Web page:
31st May '16 11:47:11 AM TheOneWhoTropes
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** By the time of ''TransformersCybertron'', fans had gotten into contact with the translator and persuaded him to change some names to their original Marvel counterparts, but this only happened to a select few characters. Even those that had their Marvel names reinstalled got to be called by their ''Energon'' names at times. And Landmine received a new name for just the intro, which differed from both his ''Energon'' name and the one the actual ''Cybertron'' series used. The dub was dreadful, and besides the name screw-ups, it kept changing the voices (even the ''genders'') around far too much for comfort. ''Cybertron'' was also redubbed in 2014. This version also a mix of Marvel, old!''Energon'' and [[Film/TransformersFilmSeries Bay-verse]] names, and again, Landmine has multiple designations. Leobreaker also christens himself with a different name than what's used in the rest of the show.

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** By the time of ''TransformersCybertron'', ''Anime/TransformersCybertron'', fans had gotten into contact with the translator and persuaded him to change some names to their original Marvel counterparts, but this only happened to a select few characters. Even those that had their Marvel names reinstalled got to be called by their ''Energon'' names at times. And Landmine received a new name for just the intro, which differed from both his ''Energon'' name and the one the actual ''Cybertron'' series used. The dub was dreadful, and besides the name screw-ups, it kept changing the voices (even the ''genders'') around far too much for comfort. ''Cybertron'' was also redubbed in 2014. This version also a mix of Marvel, old!''Energon'' and [[Film/TransformersFilmSeries Bay-verse]] names, and again, Landmine has multiple designations. Leobreaker also christens himself with a different name than what's used in the rest of the show.
30th May '16 9:38:47 AM TheOneWhoTropes
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** ''TransformersEnergon'' rolled around in 2004, and also made up new names for the characters (most infamously "Optimus, the First" and "Robotika" in place of Decepticon). In 2013, ''Energon'' saw a [[DuelingDubs redub]], which hads a much more severe case of this. It at first attempted to reinstall the Marvel translations, but after a while, randomly switched back to using the old-''Energon'' names, seemingly alternating between the two variations depending on the episode. The voices similarly keep changing. Further, this makes it even more inconsistent with its prequel ''Armada'' and its sequel ''Cybertron''.

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** ''TransformersEnergon'' ''Anime/TransformersEnergon'' rolled around in 2004, and also made up new names for the characters (most infamously "Optimus, the First" and "Robotika" in place of Decepticon). In 2013, ''Energon'' saw a [[DuelingDubs redub]], which hads a much more severe case of this. It at first attempted to reinstall the Marvel translations, but after a while, randomly switched back to using the old-''Energon'' names, seemingly alternating between the two variations depending on the episode. The voices similarly keep changing. Further, this makes it even more inconsistent with its prequel ''Armada'' and its sequel ''Cybertron''.
30th May '16 8:52:21 AM TheOneWhoTropes
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** ''TransformersArmada'''s dub was made completely independently from its sequels, ''Energon'' and ''Cybertron'', thus had a wholly different voice cast. Despite the live-action movies having made the Marvel names household terms, the dub still opted to start from scratch, and continued to give new names for each of its characters. What more, it has a lot more mix-ups (both names and voices) than the already infamous English dubbing.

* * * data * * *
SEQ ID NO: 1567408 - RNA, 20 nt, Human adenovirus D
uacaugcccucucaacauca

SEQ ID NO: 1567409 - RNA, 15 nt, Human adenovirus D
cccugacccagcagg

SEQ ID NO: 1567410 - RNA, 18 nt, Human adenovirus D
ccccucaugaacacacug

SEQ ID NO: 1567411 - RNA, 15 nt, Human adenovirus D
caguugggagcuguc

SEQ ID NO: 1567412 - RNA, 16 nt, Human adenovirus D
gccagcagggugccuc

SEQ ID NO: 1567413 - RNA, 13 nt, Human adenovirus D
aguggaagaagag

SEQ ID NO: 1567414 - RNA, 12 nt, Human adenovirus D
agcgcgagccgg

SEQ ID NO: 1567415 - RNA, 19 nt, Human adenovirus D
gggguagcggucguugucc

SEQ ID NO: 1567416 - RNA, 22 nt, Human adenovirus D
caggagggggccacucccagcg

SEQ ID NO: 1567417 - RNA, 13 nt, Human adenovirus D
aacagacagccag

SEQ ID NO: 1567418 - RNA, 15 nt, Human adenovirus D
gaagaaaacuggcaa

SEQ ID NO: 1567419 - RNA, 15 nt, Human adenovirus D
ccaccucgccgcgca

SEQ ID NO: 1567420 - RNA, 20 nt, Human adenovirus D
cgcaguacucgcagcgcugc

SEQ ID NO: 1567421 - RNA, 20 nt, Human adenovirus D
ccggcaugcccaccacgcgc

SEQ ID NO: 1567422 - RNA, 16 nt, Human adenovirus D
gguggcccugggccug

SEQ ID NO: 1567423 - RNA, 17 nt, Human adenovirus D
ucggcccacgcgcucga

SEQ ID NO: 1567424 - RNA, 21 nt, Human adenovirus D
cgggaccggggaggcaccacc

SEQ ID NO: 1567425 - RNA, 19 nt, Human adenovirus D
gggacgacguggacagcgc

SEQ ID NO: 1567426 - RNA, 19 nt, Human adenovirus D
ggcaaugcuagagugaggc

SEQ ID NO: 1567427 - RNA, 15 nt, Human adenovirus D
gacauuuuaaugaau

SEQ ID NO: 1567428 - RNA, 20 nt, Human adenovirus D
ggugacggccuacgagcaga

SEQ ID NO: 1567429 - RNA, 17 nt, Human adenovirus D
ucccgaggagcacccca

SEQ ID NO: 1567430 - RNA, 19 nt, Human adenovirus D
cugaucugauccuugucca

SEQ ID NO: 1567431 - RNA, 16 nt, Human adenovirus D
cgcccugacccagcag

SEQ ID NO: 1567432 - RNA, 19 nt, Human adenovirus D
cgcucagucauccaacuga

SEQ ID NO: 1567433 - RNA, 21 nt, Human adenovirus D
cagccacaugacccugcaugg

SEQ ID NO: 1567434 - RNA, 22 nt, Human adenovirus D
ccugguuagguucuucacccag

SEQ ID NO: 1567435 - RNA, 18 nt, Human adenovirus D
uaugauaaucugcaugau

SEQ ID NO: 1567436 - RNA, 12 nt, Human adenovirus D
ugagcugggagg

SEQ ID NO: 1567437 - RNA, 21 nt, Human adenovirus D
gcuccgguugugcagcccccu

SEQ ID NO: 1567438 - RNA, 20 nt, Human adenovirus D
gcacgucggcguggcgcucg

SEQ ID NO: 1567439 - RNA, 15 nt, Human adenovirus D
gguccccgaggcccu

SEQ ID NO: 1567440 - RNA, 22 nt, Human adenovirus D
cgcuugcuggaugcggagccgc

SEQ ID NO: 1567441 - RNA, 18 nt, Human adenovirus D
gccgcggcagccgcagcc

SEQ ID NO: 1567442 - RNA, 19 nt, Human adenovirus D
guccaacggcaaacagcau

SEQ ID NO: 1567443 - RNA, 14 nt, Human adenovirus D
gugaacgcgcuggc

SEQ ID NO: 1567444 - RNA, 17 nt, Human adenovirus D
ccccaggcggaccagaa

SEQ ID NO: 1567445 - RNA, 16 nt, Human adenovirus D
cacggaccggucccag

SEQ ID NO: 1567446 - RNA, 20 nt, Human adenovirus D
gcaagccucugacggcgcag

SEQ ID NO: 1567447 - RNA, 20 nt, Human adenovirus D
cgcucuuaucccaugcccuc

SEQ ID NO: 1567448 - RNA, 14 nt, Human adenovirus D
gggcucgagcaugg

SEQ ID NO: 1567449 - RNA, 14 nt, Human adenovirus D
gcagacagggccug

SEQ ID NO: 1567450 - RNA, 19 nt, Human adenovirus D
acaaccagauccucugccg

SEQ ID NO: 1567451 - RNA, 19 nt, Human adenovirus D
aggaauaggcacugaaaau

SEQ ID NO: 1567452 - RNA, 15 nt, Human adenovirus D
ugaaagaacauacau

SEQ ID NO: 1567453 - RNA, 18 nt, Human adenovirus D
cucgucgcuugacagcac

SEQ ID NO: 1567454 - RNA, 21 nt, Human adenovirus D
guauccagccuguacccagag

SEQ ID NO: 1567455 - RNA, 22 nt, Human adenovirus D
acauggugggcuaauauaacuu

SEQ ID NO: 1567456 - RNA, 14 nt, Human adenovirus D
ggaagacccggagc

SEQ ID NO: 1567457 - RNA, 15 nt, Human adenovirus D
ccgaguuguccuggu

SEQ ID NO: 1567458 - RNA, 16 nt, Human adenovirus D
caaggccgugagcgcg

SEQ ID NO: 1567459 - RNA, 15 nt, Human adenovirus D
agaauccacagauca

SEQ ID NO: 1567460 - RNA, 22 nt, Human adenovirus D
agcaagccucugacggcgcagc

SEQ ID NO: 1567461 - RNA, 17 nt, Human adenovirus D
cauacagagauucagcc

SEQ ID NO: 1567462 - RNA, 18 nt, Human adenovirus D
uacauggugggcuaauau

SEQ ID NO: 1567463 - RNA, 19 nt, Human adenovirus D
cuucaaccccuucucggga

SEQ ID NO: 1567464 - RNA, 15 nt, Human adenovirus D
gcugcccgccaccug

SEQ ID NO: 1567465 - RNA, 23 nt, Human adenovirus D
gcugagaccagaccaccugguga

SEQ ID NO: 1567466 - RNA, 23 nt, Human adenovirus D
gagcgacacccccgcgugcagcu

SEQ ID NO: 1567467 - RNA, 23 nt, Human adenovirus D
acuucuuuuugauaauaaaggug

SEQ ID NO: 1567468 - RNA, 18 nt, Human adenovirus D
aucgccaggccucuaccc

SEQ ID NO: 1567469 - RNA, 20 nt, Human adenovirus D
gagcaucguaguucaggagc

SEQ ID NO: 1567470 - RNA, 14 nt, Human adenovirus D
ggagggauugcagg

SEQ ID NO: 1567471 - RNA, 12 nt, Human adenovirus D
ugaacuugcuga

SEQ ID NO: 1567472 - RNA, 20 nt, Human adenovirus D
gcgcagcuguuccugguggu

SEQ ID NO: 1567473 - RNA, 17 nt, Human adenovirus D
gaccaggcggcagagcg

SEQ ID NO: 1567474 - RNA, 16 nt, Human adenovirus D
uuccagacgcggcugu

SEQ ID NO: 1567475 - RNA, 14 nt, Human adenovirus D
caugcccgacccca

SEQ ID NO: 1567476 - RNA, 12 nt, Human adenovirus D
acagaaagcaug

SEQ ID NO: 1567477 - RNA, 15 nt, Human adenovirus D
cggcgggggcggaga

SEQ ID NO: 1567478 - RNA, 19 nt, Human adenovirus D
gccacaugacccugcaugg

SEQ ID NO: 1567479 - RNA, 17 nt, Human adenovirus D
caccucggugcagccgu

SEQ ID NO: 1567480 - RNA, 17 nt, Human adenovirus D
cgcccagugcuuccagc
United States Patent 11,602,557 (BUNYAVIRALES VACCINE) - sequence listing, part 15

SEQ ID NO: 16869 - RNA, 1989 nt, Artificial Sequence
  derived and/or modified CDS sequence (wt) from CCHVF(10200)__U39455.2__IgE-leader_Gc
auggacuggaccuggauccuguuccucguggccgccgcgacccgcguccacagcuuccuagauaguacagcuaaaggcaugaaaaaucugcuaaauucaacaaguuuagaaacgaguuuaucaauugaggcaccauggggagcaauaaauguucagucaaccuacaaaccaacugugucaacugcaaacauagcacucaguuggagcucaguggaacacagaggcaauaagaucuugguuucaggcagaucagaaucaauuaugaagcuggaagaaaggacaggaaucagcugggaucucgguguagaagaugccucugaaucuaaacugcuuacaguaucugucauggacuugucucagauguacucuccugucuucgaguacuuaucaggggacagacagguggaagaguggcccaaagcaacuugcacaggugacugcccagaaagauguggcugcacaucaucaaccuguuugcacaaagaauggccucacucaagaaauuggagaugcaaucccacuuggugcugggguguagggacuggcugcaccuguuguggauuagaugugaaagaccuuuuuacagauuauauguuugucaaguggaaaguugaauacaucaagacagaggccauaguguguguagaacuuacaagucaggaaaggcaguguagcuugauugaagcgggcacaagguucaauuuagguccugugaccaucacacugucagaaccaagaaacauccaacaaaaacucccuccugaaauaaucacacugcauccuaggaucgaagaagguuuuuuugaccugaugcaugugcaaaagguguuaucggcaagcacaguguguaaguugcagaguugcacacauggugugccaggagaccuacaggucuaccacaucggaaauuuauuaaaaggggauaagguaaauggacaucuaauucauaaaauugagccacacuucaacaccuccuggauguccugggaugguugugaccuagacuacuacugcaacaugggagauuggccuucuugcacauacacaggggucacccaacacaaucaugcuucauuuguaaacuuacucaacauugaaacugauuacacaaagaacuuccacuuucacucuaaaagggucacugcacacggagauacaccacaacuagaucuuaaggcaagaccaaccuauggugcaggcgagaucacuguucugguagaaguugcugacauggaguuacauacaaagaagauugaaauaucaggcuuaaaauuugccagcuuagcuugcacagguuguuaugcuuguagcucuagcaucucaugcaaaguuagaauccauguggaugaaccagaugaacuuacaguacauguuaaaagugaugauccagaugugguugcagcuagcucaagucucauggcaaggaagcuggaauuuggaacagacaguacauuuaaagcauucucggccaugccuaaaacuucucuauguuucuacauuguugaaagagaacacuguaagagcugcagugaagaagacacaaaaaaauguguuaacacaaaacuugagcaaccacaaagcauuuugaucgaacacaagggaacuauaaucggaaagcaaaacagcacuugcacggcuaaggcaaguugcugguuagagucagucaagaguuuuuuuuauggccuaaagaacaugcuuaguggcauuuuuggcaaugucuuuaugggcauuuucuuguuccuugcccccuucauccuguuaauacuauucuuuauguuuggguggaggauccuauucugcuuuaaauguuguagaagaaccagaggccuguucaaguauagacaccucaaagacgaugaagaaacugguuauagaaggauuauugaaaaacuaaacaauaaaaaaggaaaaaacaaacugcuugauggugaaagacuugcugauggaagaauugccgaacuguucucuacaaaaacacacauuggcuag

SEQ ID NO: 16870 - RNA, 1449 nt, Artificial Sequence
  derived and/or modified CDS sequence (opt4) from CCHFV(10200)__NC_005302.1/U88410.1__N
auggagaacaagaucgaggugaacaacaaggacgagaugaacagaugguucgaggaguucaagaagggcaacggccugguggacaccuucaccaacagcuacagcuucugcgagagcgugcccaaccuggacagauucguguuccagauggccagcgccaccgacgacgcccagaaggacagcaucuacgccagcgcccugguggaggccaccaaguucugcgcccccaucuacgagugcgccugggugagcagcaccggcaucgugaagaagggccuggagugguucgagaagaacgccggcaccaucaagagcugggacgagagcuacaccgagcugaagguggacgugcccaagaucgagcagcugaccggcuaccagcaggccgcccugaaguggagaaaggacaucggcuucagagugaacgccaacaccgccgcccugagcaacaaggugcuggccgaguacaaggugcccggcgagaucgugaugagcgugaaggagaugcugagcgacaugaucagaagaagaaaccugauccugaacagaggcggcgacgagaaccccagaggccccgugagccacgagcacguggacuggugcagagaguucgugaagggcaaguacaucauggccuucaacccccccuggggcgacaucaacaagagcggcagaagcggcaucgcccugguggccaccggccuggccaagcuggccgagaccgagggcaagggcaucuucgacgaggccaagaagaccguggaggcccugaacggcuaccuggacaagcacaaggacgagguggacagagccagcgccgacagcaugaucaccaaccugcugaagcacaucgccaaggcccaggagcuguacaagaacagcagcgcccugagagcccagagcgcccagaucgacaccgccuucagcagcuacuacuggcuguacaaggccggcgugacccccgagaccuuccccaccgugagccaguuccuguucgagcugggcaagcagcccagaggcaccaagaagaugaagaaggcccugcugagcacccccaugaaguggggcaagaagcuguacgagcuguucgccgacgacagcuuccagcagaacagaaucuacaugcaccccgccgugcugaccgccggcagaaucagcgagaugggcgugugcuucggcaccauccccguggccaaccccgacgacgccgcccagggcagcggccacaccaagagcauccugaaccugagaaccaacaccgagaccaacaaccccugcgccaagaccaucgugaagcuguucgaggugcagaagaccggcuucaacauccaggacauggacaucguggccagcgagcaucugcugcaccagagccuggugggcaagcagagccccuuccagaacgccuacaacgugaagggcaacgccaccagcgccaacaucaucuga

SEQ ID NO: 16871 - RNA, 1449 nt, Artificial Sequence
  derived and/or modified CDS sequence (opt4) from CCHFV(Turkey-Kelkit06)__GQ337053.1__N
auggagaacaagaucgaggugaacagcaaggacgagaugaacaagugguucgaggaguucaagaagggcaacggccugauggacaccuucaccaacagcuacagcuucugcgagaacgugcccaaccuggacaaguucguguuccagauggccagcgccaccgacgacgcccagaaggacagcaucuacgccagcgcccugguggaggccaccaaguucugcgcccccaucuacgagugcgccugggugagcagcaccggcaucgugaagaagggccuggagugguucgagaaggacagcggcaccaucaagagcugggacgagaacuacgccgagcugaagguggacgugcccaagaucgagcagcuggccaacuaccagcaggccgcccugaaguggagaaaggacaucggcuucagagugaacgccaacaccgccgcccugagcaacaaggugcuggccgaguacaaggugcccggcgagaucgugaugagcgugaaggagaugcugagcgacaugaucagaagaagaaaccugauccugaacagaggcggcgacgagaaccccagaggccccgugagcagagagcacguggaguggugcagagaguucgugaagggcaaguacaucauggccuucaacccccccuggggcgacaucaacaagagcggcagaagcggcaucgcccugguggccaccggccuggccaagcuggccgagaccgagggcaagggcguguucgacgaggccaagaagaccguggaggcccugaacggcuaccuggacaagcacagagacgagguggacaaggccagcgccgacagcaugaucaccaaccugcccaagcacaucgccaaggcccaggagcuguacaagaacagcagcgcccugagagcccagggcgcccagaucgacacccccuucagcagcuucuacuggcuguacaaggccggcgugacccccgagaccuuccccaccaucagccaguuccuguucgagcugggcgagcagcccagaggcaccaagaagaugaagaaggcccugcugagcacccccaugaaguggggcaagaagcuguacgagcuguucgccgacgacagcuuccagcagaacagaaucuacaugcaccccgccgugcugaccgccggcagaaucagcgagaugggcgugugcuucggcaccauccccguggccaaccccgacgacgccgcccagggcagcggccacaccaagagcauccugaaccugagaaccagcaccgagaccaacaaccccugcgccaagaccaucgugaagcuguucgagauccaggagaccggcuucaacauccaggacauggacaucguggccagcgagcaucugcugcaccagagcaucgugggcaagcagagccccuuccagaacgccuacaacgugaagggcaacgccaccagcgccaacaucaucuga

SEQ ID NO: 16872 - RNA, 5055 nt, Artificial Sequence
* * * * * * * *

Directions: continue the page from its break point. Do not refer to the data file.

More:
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** ''TransformersArmada'''s ''Anime/TransformersArmada'''s dub was made completely independently from its sequels, ''Energon'' and ''Cybertron'', thus had a wholly different voice cast. Despite the live-action movies having made the Marvel names household terms, the dub still opted to start from scratch, and continued to give new names for each of its characters. What more, it has a lot more mix-ups (both names and voices) than the already infamous English dubbing.
28th May '16 4:18:08 PM nombretomado
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*** Also, the reason "Thundara" was "Lit2" [[MisBlamed has more to do with character limits in the early games than inconsistency]]. ''VideoGame/FinalFantasyI'' only allowed four characters per name, whereas ''VideoGame/FinalFantasyIV'' and ''VideoGame/FinalFantasyVI'' allowed five and six, respectively. The Holy situation is also related to Nintendo's former draconian policies involving any sort of religious content. In all these cases, the localization team had to work with the resources (and within the limits) they were given, and it was only until the PlayStation era that they could be consistent with the Japanese naming schemes. In fact, it's only ''VideoGame/FinalFantasyVII'' which is the truly inconsistent installment, since it was [[BlindIdiotTranslation translated by Sony]].

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*** Also, the reason "Thundara" was "Lit2" [[MisBlamed has more to do with character limits in the early games than inconsistency]]. ''VideoGame/FinalFantasyI'' only allowed four characters per name, whereas ''VideoGame/FinalFantasyIV'' and ''VideoGame/FinalFantasyVI'' allowed five and six, respectively. The Holy situation is also related to Nintendo's former draconian policies involving any sort of religious content. In all these cases, the localization team had to work with the resources (and within the limits) they were given, and it was only until the PlayStation UsefulNotes/PlayStation era that they could be consistent with the Japanese naming schemes. In fact, it's only ''VideoGame/FinalFantasyVII'' which is the truly inconsistent installment, since it was [[BlindIdiotTranslation translated by Sony]].